enjoy a happy, healthy childhood.

Should you be talking about mental health with your primary aged child?

By | children's health, Education, family, Health, Mental health
by Helen Spiers
Head of Child and Adolescent Counselling, Mable Therapy

It can be hard to accept when our children are struggling with their mental health. Childhood is often seen as a stress-free time of fun and frolics, but for some children this can be far from true. There are several factors that can contribute to poor mental health. Our relationships, sense of identity and the world around us have a massive impact, so it’s hardly surprising that the events of 2020 have seen some children in emotional crisis. Many children have thrived in the pandemic, relishing the chance to spend more time at home with the family, but for others the disruption and uncertainty has left them anxious and overwhelmed.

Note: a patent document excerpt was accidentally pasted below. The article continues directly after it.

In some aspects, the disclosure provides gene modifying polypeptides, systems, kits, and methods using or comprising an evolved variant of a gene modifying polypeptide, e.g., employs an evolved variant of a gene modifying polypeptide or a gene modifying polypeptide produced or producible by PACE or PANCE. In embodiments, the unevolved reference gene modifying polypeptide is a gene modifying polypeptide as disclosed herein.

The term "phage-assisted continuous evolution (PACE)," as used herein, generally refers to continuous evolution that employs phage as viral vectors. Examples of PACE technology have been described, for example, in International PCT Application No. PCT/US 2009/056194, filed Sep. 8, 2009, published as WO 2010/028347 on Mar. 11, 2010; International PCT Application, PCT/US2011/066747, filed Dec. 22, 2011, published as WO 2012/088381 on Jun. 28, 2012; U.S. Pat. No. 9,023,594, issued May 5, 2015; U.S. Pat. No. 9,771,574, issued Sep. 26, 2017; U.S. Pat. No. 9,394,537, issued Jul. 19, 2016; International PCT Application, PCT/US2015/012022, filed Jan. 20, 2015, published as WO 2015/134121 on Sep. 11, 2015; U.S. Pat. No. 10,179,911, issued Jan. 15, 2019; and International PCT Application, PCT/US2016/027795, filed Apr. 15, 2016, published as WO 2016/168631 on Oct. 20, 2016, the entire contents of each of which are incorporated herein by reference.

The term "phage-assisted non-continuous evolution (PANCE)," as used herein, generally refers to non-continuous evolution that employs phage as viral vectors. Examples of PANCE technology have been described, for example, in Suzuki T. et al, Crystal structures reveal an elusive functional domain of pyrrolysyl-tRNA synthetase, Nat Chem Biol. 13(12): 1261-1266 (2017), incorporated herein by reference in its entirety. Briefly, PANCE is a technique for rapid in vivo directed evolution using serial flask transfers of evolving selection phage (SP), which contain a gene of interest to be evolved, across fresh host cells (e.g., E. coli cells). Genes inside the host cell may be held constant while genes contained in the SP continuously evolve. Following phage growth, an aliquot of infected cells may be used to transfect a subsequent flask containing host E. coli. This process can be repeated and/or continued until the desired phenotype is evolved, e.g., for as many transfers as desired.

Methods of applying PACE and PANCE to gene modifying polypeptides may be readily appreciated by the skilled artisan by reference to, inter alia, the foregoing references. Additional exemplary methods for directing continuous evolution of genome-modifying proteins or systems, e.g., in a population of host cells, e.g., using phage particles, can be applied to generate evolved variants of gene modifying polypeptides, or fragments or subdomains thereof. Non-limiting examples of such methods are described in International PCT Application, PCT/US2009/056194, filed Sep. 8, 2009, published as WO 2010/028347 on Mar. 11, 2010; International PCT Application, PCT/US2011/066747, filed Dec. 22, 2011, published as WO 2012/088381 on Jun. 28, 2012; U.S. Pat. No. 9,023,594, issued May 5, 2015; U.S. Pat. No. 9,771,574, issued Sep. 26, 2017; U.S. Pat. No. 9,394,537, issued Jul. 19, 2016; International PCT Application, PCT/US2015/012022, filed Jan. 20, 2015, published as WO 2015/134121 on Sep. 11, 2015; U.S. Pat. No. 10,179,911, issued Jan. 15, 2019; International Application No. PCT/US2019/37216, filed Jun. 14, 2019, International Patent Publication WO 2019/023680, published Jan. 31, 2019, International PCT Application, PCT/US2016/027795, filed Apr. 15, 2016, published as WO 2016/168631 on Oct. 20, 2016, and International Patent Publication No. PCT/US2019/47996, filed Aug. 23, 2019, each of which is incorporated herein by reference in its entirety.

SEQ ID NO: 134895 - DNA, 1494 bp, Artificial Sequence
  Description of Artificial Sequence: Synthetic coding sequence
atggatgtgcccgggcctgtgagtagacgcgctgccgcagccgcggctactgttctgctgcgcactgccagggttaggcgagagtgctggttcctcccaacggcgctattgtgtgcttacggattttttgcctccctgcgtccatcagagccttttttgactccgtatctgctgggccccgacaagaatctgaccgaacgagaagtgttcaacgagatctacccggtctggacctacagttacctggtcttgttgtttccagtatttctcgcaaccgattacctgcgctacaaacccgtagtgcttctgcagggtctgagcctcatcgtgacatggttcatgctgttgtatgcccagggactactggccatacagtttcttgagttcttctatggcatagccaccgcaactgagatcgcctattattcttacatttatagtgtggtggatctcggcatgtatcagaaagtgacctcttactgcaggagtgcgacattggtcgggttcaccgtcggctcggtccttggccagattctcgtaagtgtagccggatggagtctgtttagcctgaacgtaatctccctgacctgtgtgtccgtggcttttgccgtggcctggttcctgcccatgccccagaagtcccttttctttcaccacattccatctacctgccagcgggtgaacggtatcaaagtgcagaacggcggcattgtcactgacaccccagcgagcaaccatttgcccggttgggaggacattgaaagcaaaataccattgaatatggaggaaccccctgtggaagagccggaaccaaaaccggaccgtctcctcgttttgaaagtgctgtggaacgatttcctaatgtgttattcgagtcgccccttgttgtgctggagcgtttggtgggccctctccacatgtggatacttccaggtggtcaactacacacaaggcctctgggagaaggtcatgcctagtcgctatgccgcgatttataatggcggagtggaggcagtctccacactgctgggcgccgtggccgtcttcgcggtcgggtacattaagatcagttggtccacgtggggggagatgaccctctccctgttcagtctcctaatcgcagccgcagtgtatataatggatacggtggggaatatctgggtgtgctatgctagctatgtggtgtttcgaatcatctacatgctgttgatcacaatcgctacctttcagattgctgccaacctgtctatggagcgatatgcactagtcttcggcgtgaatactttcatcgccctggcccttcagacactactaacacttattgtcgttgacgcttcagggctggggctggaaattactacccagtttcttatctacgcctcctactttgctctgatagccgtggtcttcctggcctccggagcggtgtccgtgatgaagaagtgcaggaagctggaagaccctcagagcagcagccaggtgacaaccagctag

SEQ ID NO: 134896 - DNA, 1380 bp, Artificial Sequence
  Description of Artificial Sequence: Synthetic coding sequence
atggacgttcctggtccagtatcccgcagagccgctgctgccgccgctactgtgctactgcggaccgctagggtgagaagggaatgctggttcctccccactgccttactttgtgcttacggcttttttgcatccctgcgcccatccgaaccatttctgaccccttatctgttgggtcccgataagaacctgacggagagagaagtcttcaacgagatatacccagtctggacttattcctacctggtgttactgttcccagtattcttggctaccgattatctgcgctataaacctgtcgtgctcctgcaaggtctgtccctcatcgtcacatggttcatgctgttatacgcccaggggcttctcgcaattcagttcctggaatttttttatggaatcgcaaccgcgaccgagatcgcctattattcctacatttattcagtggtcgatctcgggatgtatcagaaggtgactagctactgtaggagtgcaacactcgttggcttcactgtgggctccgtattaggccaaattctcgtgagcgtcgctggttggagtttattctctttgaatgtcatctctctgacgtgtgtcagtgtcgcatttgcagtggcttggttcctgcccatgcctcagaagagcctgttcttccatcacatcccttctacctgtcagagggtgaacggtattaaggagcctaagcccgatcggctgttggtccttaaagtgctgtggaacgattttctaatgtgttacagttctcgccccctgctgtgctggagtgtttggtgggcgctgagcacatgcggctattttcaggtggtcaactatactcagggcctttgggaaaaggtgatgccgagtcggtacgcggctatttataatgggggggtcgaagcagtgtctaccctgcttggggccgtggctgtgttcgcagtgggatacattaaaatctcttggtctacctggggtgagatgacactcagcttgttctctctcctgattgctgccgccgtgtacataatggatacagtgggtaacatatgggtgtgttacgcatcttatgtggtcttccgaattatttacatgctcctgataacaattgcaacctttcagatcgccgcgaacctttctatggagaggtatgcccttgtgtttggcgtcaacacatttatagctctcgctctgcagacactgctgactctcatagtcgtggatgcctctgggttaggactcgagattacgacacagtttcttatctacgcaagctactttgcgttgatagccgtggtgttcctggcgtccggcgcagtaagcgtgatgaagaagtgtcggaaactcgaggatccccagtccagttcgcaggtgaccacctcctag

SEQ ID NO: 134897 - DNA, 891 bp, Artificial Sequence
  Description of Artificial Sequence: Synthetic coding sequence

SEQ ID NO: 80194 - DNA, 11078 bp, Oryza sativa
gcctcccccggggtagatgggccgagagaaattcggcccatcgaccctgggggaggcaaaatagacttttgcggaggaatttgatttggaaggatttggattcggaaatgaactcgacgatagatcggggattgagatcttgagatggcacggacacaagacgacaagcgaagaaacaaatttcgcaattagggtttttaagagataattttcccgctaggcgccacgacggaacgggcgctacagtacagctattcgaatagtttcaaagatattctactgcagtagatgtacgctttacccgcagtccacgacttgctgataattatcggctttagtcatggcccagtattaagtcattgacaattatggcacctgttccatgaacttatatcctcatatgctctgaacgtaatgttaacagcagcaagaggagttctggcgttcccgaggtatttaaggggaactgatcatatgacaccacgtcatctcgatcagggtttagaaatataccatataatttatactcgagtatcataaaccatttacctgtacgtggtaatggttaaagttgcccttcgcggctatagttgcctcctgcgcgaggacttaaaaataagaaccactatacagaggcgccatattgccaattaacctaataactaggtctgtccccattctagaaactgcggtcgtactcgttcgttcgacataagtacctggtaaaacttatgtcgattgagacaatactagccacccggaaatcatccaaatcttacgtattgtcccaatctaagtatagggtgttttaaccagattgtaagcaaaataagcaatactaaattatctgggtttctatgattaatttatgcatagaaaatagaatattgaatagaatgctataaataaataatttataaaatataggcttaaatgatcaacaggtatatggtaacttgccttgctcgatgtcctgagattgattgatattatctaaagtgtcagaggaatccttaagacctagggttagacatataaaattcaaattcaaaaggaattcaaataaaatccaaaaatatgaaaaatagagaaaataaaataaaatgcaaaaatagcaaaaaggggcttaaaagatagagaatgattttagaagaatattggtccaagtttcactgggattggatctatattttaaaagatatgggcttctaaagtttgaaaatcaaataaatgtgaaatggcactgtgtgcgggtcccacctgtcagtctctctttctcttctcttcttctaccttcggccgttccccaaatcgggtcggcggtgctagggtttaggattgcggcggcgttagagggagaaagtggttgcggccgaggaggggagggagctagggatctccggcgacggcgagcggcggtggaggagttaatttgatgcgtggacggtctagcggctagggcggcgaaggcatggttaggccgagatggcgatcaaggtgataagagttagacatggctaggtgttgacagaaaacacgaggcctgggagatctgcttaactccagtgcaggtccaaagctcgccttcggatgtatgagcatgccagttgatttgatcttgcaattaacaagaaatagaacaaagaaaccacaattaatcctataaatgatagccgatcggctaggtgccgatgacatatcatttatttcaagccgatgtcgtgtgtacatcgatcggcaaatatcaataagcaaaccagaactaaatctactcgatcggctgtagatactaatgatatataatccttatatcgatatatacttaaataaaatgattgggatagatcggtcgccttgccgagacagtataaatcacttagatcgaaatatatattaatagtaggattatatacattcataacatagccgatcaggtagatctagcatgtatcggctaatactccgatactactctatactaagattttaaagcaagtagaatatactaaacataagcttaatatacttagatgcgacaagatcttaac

Routine and boundaries play a huge part in reducing anxiety, so cancelled activities, school closures and continuously changing government guidelines have done nothing to support young people’s mental wellbeing. At our children’s counselling service we wondered whether the new school year would see referral rates drop. Would the increase in structure and purpose help to combat the tsunami of mental health issues? Sadly not. Since September our referrals have gone up, in both our schools and private service. For those directly impacted by Covid-19 it’s been devastating, but even for those seemingly unaffected, prolonged feelings of fear and dread have led to toxic levels of stress and anxiety. We’ve also noticed an increase in younger referrals, as parents struggle to reassure their children about future uncertainty. So how can we support our children with their mental health, without burdening them with adult worries? What are the signs that our children might be struggling? And how do we support them to develop the resilience to face the new normal?